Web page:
Winter has thawed into rain, and summer has started seeping into our silent houses.
Rain: the winter-summer treaty
If the rain can move me to penance,
I must have been walking a very thin line –
Of mistral-watching through frosted glass,
And arid leaves of snow-dry pine.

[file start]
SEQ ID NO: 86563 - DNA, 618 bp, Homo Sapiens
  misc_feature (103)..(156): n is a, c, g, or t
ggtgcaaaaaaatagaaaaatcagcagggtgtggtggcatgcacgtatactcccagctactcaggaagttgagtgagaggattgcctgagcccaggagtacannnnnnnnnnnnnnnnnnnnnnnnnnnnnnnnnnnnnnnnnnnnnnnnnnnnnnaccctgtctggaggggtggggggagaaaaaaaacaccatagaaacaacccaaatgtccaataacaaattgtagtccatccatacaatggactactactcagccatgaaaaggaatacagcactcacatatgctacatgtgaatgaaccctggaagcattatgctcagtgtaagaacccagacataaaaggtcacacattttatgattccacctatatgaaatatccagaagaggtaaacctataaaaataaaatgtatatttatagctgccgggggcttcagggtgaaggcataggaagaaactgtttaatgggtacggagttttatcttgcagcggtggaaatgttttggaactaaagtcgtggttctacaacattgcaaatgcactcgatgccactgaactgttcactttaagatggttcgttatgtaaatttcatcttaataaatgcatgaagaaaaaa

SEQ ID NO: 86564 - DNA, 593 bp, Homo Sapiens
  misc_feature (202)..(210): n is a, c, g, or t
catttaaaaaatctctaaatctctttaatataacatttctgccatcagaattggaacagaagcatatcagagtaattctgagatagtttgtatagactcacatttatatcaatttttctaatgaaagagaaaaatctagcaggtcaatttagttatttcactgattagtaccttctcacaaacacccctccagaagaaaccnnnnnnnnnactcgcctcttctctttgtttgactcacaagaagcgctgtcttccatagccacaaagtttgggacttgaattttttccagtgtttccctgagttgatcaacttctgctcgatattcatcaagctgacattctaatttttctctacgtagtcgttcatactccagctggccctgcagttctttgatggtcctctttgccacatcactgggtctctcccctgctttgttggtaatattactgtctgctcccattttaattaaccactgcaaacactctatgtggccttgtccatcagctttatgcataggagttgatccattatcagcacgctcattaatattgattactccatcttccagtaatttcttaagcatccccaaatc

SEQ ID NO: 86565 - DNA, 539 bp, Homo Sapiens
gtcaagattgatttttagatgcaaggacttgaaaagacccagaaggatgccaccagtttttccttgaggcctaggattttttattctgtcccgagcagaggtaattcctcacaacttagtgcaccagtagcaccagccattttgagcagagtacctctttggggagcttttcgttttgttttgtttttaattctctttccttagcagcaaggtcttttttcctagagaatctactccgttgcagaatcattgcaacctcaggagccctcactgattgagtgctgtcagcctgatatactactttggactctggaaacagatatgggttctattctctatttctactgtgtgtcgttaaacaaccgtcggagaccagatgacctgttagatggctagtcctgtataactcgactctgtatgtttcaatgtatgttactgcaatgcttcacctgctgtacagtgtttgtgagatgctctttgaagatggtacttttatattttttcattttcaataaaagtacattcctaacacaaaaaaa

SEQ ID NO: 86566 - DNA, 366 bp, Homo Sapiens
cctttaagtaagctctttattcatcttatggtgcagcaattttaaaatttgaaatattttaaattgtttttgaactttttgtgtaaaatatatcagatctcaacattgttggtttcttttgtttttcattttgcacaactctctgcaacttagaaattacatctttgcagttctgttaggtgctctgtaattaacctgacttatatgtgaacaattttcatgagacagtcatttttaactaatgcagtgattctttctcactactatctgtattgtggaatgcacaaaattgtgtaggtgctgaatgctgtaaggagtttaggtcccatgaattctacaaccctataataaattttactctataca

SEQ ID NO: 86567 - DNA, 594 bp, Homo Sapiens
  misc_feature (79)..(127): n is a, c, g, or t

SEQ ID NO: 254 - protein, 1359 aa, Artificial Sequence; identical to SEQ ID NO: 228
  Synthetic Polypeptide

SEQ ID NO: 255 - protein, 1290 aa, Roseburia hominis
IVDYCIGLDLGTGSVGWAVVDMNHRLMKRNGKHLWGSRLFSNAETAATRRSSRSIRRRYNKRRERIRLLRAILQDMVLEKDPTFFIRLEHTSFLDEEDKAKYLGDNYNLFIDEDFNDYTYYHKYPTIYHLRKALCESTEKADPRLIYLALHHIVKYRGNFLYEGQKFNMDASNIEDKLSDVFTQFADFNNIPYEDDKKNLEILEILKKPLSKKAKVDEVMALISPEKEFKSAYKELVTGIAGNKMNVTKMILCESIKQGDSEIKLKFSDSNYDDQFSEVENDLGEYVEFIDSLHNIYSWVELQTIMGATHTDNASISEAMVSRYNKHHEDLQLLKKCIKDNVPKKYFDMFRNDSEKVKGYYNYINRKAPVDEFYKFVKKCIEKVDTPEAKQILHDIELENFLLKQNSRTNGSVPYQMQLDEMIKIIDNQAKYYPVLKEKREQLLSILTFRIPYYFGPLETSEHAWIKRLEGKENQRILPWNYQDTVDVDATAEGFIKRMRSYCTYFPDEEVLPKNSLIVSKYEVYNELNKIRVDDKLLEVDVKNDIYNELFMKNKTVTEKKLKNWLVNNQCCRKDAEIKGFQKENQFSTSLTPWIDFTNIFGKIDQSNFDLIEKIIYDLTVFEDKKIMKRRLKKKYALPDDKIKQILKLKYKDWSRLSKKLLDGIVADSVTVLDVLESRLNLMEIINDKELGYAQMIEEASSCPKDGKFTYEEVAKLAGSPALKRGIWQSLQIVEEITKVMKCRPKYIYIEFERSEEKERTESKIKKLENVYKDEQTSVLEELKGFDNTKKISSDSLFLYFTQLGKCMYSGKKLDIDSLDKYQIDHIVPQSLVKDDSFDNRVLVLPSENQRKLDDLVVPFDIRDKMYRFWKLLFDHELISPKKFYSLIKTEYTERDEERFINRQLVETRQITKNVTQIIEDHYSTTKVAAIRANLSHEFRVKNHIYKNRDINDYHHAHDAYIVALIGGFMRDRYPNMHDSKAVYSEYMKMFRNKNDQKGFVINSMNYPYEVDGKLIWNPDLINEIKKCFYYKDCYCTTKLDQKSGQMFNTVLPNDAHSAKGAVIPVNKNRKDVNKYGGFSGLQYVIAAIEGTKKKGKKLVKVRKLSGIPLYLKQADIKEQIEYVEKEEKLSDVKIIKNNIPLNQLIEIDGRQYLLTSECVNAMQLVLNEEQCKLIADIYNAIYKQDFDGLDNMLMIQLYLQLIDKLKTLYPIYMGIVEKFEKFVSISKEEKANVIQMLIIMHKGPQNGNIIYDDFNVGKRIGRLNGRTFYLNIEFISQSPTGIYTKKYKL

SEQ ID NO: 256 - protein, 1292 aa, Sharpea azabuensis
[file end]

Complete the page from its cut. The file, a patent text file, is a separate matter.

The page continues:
The house is silent, stripped of cold,
And pigeons’ nests and the midday arc
Of the lazy sun through mosque- and church-domes.
From an old Irish poem, yodels a lark.
Thus, the living dreams come like sorrow
Of mirth disrobing its veil.
Little blonde truants pilgrimage a forest path,
As the evening retires into a hearth of slaughtered quail.
There will be more rain,
Said one torrid hour to the other.
Meanwhile, there is Waugh in one pocket
And woe in another.